13. 13. Banks as Vanguard: Phase 1 Those adopting the technology first will have considerable competitive advantage. Industry Competition React to those firms who could provide financial information quickly Market Ensuring the staffs has adequate training regarding the use of the new technology. Role of the Firm (bank) Supplier of technology actively introduces the technology to the adopting firm. Role of Technology Supplier Routine Tasks Dealing with customer accounts, booking keeping, producing statements Example of tasks To store, manage and organise financial transaction data Purpose of technology application Main frame computers Technology Mid 1960 – Mid 1970 Time Incremental Process Innovation Nature of Innovation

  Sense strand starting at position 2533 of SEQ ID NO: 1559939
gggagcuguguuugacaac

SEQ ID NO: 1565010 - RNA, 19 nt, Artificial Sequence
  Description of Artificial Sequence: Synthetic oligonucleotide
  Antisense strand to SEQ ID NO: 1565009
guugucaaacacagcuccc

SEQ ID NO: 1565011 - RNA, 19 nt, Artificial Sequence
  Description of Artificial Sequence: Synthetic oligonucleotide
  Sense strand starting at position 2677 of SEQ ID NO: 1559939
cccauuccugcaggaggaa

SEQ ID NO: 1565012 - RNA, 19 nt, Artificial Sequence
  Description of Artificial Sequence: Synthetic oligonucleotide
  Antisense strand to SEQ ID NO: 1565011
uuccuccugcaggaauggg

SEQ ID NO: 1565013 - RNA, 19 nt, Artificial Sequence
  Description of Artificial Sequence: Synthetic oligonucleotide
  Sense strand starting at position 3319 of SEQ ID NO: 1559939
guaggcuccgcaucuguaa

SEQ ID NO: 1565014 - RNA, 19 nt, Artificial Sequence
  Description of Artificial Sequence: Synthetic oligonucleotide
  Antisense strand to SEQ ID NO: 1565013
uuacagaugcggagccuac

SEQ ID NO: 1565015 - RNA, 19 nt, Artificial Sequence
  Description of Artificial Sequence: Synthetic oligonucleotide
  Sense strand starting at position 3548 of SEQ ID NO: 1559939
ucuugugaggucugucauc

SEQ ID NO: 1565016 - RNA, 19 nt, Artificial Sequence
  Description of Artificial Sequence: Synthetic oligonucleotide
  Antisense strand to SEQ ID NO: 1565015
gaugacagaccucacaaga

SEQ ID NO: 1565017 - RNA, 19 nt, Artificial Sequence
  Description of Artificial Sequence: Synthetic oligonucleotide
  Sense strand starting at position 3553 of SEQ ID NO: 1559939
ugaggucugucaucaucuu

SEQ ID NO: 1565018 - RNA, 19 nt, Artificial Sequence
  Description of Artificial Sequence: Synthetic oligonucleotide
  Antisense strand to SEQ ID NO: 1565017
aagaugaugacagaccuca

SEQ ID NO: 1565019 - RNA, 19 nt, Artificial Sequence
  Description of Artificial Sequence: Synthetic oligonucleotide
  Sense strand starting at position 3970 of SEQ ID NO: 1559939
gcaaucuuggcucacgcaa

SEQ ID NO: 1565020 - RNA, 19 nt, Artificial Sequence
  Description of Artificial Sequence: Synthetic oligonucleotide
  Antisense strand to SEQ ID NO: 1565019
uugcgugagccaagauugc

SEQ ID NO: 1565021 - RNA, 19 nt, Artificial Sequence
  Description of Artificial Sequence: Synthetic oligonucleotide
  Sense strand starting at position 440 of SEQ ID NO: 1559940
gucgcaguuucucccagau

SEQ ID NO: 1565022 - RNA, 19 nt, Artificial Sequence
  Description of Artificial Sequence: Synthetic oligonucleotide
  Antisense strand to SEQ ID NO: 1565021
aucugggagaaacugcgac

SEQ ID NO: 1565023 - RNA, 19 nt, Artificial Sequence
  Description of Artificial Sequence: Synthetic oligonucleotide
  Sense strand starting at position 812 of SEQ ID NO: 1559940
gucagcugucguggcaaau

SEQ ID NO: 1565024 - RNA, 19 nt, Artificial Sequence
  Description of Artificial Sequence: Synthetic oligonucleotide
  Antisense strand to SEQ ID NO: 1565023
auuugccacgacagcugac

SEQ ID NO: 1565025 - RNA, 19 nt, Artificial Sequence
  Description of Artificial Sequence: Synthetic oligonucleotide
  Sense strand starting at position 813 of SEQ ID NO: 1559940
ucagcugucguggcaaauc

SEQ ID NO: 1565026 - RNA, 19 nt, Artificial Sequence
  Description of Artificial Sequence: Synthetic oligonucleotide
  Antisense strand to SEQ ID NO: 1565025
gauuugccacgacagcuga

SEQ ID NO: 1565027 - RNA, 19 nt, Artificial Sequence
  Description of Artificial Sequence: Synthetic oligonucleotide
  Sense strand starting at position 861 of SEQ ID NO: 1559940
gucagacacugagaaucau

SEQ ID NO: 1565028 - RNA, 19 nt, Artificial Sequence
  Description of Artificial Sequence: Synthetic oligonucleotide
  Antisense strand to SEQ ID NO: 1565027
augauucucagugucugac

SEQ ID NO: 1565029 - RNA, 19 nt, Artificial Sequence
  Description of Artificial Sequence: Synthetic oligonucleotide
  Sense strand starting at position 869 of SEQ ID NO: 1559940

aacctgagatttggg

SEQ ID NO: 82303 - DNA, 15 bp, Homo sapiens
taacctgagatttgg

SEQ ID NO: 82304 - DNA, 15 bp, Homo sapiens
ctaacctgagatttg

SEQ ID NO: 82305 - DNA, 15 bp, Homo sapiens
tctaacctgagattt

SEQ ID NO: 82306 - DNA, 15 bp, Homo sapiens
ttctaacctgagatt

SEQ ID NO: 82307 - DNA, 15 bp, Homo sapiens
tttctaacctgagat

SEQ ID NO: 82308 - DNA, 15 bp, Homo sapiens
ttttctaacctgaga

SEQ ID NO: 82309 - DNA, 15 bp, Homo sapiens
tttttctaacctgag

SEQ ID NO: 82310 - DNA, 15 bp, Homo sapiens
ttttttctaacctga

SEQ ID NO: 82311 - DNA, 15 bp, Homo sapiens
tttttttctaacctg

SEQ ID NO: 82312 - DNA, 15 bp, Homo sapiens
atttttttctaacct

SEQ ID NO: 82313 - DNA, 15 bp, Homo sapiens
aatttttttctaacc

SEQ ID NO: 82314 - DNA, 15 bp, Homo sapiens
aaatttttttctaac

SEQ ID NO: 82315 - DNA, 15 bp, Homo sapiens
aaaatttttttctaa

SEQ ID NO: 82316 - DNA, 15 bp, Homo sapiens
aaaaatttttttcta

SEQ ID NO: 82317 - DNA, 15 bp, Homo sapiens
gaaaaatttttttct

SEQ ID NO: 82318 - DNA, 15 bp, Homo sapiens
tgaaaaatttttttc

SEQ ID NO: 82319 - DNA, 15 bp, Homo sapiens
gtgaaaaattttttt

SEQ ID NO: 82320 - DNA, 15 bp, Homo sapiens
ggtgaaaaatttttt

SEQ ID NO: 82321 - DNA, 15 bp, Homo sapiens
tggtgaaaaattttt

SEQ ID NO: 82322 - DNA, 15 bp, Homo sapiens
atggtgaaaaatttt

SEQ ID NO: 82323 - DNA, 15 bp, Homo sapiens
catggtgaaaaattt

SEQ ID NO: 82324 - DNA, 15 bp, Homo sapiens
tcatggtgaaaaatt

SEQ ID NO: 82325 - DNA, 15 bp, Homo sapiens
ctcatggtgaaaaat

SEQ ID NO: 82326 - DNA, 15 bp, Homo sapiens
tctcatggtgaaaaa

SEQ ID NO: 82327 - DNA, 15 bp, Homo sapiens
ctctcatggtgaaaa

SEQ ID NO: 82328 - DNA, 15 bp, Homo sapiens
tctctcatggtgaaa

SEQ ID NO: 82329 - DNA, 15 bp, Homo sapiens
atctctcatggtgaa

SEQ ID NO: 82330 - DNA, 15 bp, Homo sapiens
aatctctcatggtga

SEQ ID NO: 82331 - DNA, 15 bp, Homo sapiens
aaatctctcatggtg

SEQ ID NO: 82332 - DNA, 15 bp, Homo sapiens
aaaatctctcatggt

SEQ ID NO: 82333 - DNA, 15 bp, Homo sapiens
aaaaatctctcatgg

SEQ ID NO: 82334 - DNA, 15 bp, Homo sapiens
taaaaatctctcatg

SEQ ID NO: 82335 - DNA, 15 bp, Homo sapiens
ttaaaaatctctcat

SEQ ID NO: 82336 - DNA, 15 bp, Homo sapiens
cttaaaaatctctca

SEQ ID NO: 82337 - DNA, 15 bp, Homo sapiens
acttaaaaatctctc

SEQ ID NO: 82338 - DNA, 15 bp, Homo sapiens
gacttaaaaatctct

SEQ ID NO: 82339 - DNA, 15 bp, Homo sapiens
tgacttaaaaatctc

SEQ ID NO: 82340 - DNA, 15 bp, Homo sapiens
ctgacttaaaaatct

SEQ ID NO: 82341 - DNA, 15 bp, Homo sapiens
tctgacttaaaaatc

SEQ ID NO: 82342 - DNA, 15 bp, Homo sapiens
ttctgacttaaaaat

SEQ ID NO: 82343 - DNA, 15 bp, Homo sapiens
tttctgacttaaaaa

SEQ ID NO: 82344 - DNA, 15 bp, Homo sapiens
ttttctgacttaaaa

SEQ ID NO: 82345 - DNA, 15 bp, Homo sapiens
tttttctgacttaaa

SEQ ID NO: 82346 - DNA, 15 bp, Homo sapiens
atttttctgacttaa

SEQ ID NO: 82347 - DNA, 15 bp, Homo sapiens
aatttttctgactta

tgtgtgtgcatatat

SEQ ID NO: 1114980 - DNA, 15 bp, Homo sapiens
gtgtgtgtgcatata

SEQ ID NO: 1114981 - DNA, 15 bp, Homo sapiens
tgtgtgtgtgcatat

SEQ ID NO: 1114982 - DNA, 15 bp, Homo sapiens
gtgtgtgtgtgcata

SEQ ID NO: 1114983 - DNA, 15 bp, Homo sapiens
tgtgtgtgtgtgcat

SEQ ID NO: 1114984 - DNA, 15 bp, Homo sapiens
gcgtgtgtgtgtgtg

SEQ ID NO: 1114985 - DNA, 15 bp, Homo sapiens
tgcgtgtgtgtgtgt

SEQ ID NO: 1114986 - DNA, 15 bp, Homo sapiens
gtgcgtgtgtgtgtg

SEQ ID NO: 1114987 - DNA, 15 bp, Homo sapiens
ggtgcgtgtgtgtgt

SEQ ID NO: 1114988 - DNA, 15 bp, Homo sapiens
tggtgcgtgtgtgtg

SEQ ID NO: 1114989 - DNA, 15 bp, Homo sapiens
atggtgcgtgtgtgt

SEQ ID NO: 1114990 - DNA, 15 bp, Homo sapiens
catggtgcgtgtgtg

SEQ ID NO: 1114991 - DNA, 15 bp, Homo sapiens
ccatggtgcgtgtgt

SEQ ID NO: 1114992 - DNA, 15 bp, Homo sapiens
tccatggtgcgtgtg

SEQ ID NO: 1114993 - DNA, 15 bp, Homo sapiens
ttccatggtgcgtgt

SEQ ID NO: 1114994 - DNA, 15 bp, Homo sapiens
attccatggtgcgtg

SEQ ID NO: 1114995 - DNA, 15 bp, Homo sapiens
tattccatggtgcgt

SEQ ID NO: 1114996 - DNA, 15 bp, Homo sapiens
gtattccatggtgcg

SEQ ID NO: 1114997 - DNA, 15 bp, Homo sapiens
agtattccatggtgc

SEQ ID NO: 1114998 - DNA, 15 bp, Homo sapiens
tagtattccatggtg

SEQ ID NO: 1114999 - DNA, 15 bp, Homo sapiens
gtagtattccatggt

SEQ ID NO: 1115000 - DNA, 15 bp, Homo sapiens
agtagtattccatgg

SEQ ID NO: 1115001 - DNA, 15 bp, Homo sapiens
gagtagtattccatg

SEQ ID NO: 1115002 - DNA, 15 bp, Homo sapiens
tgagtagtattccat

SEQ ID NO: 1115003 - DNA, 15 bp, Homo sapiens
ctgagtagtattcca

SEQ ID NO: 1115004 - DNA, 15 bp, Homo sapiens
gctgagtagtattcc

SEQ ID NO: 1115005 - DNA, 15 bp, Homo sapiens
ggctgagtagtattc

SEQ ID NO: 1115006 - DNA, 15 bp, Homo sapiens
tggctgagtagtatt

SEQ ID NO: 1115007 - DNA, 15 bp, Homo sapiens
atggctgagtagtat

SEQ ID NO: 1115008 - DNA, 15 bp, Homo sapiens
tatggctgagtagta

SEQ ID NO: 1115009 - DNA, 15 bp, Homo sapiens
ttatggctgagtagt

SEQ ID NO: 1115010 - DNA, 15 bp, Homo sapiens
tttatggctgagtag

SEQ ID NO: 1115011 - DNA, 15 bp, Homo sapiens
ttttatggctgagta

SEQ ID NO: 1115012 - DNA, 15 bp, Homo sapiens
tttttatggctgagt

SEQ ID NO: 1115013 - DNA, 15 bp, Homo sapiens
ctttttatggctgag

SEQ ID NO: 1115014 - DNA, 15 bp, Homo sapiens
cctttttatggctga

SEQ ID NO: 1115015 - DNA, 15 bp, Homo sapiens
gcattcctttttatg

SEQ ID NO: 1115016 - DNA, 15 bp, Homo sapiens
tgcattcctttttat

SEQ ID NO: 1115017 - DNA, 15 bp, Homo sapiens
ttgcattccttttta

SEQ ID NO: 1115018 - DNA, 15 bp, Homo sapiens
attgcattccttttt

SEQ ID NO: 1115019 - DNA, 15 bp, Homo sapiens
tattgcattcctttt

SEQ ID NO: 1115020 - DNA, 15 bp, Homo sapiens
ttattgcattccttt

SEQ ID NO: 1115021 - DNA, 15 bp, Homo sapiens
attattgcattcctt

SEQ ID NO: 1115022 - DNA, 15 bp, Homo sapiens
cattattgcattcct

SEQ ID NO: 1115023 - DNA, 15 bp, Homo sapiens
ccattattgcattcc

14. 14. Phase 2 Most firms have adopted the new technology; the industry now looks at system integration. Consumers enjoy the convenience of the interbank connectivity. Building on the embodied knowledge of using the technology, banks now attempt to establish inter-organisation links through the use of technology. To introduce applications which ensure intra-bank connectivity. Dispensing cash out of work hours Improve the speed of cash dispensing service To create linkages – mainframe linking with dumb terminals thus facilitating the improvement of service quality Network technologies Technological Systems Automated teller machine networks Mid 1970 – Mid 1980 Radical Process Innovation Industry Competition Market Role of the Firm (bank) Role of Technology Supplier Example of tasks Purpose of technology application Technology Time Nature of Innovation